My only bear encounter while hiking was when I was about 21 years old. I was doing a day hike on the Appalachian Trail in Shenandoah National Park in Virginia. I had moving quietly, hoping to see some deer or other wildlife. I heard something a little ahead of me, so I stopped and looked to see what made the noise. To my surprise, all I saw was a large black furry back, the rest of the animal concealed by some bushes off to one side of the trail, maybe 20 feet away. "BEAR!", I realized. He had not seen or heard me, and was evidently eating some berries or something. I thought for a few seconds about what I should do. Go back from where I came and choose another route? Or continue forward, quietly, since the trail got no closer to the bear. I chose the latter. I had only taken about 2 steps when the bear either heard or smelled me. He raised his head and looked straight at me! GULP! But then, the unexpected happened. In less than a second, the bear jumped up, rotated, and ran off in the opposite direction from me. I was really relieved and continued my hike, shaken but not stopped, and sure that would be my only bear encounter of the day.
A couple of hours later, on the same hike, I came into a small clearing and saw a large metal cylinder with an open gate at one end and a closed gate at the other. At first, I didn't know what I was looking at. Then it hit me! A bear trap, set out by the park rangers! Then I realized, where there was a trap, there was likely another bear. I wasted no time getting out of there, my confidence about not seeing another bear shaken. (But I finished my hike maybe an hour later and didn't see another one.)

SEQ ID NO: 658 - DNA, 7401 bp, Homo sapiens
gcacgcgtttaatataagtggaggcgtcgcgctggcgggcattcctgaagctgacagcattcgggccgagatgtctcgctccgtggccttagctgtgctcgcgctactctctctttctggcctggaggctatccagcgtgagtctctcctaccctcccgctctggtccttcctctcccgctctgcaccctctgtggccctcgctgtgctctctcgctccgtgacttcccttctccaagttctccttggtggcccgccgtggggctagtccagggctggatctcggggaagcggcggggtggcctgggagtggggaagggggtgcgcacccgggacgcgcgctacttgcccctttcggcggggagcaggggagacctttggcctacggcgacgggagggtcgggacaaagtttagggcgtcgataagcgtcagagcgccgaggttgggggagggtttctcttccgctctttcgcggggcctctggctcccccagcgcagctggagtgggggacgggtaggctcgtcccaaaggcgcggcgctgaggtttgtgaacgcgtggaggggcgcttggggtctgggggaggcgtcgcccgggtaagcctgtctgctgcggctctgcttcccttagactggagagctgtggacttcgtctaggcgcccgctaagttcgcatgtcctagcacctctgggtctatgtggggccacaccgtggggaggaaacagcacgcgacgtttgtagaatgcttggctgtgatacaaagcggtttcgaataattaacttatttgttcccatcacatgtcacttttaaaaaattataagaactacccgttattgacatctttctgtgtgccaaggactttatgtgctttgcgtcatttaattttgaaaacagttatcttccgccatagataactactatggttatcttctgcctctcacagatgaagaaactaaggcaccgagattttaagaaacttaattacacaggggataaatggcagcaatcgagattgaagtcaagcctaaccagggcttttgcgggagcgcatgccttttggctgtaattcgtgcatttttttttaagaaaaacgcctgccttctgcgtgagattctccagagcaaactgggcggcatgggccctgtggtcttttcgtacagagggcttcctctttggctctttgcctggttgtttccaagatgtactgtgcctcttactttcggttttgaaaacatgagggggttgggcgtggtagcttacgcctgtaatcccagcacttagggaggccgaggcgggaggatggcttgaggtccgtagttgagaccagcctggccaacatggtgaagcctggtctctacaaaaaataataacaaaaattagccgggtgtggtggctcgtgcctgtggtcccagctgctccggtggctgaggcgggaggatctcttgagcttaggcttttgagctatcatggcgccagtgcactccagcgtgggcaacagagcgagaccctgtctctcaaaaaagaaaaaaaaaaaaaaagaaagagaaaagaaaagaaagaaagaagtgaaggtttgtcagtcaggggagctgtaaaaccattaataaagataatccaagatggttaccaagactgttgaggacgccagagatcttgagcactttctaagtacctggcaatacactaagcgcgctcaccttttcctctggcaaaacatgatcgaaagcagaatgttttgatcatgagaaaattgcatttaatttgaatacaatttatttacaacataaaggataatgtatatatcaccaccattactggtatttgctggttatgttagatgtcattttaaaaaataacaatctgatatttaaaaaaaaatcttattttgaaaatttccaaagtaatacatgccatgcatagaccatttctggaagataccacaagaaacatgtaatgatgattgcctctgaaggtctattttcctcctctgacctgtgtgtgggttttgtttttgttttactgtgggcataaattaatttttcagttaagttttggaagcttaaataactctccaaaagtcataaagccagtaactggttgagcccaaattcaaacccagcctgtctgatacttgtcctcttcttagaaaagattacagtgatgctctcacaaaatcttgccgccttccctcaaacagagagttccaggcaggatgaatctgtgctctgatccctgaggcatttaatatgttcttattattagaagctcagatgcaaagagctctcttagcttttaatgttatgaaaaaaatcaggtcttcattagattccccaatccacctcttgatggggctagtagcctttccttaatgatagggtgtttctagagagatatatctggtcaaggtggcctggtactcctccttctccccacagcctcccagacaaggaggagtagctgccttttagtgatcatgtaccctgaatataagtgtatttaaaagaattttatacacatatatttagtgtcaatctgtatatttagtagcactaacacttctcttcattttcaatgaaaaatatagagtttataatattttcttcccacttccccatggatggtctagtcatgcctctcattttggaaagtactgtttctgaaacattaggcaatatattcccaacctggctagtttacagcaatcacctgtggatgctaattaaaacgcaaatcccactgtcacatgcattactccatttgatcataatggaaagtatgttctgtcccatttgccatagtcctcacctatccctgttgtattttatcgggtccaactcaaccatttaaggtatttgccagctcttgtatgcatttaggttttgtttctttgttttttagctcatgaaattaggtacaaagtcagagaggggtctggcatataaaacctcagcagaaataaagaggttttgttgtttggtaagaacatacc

Maybe I was lucky that day. But it is a memory that will stick with me forever.
Regarding using an airhorn to frighten off the bears, have you considered instead getting some bells (like Christmas jingle bells) and attaching them to your boots? When I visited Denali National Park several years ago, that's what the rangers recommended if you were going to hike in the backcountry there. The bells would be much lighter and would alert the bears to your presence long before you get close, thereby avoiding an encounter.
"Wildness is a necessity." -- John Muir
"When you go to hide a geocache, think of the reason you are bringing people to that spot. If the only reason is for the geocache, then find a better spot." – briansnat